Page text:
Unfortunately, due to the spread of COVID-19, this event will be postponed until further notice. We will notify all registered guests when we are able to resume normal programming. We thank you for your understanding.

On May 19, Fellows are invited to join us for drinks and discussion with Deputy Mayor Jean-Louis Missika on the future of Paris’ urban design in response to climate change.

In recent years, the Parisian government has led a comprehensive approach to confront climate change through quality urban design. With its robust culture of competitions, Paris has inspired transformative solutions to reduce carbon emissions by reshaping the public realm.

To achieve clean air citywide, Paris has aggressively expanded its bike network, pedestrianized traffic-choked streets, and converted parking lots into public plazas. In order to mitigate extreme heat and heavy rain, Paris will plant lush, urban forests across public spaces like the Hôtel de Ville.

As New York City plans for the cascading impacts of climate change, what lessons can we learn from Paris’ approach to urban design to create resilient, livable neighborhoods?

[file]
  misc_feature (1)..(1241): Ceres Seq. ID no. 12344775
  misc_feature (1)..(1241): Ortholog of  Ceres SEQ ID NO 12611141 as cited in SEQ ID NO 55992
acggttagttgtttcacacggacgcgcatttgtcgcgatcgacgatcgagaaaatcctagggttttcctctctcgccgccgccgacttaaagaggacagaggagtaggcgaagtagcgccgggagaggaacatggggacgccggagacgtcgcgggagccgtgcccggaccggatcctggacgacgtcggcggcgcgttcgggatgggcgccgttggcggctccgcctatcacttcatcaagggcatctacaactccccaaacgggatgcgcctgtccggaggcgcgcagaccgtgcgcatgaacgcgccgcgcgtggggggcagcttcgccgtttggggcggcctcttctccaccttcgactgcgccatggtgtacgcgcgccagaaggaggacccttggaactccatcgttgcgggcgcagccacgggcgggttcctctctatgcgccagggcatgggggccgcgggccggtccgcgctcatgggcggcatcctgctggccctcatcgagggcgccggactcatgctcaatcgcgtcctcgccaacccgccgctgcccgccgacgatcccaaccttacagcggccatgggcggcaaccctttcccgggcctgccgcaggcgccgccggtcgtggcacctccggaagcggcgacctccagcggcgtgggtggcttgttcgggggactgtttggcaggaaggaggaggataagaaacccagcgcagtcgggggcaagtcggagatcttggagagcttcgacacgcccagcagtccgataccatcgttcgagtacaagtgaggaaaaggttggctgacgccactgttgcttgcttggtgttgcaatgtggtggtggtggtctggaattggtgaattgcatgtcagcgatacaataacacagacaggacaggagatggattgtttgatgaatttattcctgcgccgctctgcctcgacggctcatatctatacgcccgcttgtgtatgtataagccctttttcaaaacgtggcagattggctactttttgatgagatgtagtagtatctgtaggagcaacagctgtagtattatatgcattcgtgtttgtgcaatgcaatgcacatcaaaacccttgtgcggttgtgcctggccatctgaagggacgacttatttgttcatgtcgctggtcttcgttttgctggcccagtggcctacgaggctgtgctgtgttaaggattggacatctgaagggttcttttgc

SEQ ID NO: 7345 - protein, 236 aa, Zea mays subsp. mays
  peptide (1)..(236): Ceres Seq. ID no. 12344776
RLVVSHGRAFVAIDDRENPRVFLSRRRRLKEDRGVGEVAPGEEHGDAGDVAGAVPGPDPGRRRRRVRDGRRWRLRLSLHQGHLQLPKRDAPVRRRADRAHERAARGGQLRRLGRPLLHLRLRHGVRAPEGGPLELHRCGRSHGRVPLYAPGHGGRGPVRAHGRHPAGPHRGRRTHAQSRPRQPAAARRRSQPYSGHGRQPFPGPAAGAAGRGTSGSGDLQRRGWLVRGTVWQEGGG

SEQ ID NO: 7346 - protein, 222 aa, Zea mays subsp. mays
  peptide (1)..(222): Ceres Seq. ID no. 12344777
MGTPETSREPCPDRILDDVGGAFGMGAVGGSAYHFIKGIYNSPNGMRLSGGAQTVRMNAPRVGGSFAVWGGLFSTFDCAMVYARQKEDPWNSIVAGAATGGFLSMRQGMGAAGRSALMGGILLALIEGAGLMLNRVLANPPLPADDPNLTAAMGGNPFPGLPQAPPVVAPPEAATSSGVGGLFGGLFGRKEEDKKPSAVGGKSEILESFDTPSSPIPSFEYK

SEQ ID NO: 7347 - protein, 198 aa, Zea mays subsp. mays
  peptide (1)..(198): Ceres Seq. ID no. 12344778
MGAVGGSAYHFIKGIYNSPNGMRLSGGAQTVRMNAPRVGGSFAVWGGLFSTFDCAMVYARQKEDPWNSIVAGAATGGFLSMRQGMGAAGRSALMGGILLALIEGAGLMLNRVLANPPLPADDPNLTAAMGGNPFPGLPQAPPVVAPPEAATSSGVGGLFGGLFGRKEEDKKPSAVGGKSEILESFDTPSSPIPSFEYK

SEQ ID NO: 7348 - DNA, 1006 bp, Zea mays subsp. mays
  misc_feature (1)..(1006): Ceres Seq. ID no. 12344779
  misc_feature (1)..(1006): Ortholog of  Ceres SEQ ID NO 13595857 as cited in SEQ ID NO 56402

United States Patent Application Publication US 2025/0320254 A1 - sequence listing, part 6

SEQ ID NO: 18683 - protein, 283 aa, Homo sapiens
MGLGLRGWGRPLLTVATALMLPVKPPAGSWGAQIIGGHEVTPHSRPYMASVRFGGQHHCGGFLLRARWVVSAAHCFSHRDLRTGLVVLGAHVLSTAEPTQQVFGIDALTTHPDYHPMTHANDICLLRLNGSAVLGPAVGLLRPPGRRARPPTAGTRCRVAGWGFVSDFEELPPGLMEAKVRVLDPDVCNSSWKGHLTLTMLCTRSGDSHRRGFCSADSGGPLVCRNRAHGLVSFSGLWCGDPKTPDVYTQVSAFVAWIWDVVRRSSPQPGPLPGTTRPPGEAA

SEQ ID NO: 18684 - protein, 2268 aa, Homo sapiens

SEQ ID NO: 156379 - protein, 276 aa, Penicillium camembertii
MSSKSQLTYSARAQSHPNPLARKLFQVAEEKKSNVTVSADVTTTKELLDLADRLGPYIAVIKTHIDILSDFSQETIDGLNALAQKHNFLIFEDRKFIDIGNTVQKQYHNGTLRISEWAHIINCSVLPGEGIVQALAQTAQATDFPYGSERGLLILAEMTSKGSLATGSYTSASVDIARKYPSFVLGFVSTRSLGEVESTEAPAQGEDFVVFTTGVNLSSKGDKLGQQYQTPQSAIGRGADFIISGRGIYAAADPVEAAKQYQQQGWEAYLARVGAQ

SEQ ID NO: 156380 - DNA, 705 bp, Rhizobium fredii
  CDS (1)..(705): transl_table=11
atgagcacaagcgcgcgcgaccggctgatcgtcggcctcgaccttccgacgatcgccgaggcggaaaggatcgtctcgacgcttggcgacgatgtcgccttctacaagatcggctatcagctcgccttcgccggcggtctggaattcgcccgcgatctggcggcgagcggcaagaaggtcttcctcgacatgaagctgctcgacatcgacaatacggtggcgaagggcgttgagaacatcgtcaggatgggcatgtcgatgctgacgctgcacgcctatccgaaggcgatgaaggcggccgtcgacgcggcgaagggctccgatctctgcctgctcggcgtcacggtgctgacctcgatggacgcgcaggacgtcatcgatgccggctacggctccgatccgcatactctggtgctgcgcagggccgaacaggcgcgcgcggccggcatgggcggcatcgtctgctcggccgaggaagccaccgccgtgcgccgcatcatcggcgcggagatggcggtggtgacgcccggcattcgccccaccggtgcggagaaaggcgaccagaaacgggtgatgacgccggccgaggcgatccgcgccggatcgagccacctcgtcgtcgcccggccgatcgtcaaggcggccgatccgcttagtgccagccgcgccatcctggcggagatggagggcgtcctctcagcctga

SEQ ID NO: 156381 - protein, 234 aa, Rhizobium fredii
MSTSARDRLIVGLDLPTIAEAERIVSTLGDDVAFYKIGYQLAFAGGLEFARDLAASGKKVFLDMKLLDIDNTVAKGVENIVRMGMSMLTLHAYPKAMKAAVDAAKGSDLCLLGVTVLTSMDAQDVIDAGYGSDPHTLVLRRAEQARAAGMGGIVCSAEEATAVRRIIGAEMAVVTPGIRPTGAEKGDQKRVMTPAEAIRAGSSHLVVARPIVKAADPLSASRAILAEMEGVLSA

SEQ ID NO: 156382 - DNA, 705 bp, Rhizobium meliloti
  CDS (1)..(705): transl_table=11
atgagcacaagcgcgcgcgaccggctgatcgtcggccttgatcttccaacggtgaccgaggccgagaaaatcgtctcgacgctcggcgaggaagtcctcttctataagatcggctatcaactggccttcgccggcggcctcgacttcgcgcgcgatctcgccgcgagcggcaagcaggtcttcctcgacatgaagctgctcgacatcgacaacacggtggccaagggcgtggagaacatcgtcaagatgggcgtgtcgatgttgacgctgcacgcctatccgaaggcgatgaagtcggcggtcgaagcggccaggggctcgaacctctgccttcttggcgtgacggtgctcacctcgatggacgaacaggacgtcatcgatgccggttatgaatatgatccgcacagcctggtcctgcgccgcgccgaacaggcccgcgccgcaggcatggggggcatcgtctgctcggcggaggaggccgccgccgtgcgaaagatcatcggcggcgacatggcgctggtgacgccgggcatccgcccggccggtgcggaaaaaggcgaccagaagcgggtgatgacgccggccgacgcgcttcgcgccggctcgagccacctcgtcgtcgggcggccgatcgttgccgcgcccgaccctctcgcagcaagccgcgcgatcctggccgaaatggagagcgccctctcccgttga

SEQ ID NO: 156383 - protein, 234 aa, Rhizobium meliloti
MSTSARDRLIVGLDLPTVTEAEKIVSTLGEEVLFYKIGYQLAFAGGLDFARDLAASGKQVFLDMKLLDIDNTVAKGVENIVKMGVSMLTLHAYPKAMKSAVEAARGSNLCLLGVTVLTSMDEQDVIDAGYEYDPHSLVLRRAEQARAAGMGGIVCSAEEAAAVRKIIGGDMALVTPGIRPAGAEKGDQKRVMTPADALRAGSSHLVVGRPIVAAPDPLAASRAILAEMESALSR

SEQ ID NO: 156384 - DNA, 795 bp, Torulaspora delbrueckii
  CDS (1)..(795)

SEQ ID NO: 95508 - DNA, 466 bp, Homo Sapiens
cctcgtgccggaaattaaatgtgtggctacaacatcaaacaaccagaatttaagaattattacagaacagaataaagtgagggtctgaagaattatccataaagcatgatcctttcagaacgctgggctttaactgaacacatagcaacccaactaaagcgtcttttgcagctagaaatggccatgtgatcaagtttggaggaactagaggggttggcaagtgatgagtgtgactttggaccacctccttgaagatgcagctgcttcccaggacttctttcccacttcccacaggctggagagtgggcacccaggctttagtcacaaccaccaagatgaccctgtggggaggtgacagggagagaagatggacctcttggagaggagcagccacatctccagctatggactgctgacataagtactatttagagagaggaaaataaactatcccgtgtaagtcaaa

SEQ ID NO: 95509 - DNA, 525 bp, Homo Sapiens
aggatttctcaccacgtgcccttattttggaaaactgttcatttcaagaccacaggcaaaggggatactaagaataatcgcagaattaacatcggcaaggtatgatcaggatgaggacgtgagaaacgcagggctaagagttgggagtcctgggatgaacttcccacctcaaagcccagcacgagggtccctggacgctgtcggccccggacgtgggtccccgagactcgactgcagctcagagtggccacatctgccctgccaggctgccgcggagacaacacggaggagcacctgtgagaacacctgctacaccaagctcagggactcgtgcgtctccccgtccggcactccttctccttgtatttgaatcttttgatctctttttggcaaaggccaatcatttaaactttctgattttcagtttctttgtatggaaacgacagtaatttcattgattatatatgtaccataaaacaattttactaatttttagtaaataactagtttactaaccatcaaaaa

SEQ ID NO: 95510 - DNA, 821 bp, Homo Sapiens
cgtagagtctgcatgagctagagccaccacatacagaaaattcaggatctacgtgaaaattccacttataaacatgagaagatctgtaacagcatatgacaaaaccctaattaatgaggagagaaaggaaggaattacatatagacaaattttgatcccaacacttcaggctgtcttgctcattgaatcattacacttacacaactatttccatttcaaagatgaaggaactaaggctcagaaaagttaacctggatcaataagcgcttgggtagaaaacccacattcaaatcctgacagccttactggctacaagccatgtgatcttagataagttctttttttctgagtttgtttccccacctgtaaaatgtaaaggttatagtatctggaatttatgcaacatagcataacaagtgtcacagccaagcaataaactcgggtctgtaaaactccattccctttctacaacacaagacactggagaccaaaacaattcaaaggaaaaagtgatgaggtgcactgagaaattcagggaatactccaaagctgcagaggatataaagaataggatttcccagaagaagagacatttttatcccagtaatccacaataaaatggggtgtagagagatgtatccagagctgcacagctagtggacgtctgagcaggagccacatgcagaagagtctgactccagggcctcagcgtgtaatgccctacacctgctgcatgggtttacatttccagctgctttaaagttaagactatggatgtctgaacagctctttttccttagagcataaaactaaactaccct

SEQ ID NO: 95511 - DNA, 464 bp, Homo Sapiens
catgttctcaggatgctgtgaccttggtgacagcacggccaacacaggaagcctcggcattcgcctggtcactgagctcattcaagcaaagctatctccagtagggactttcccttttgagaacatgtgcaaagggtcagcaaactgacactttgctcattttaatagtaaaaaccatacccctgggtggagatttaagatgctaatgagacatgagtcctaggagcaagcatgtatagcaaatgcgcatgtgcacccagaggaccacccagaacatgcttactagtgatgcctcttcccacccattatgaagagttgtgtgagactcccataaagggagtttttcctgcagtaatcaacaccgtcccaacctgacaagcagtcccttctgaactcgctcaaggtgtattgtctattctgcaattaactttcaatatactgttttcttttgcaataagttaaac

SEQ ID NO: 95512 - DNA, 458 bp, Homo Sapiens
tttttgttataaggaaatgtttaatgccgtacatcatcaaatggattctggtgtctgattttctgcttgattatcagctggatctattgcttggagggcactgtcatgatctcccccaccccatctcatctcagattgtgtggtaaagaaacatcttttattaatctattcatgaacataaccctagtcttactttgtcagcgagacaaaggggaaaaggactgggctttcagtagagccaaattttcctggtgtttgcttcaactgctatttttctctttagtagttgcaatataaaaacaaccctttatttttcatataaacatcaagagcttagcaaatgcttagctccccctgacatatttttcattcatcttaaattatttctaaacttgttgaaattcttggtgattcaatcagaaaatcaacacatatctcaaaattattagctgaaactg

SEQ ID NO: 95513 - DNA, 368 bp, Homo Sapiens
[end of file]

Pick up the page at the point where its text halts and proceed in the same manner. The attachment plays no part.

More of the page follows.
Guest Policy ↓

The Urban Design Forum promotes conversation between invited civic leaders, designers, developers and advocates. Attendance is restricted to Forum Fellows and their guests. Learn more about becoming a Fellow.

 

Our Sponsors ↓

This program is made possible through the support of Citi Community Development and our Director’s Circle and Fellows.

Shape our year-long inquiry and promote conversation between our Fellows and invited decision-makers on developing a progressive agenda for the built environment. To learn more, please contact Daniel McPhee, Executive Director, 646-928-0553, daniel@urbandesignforum.org.

 

About Shape Shift

Clean Break is the seventh event for our Shape Shift series, a year-long inquiry into the current state of planning in New York City. As we approach the mayoral election cycle, the Forum will revisit historic planning shifts, survey international cities, and debate alternative approaches on ways the next mayor should shape the built environment to build a more equitable city.

 

Image Credit ↓

Guilhem Vellut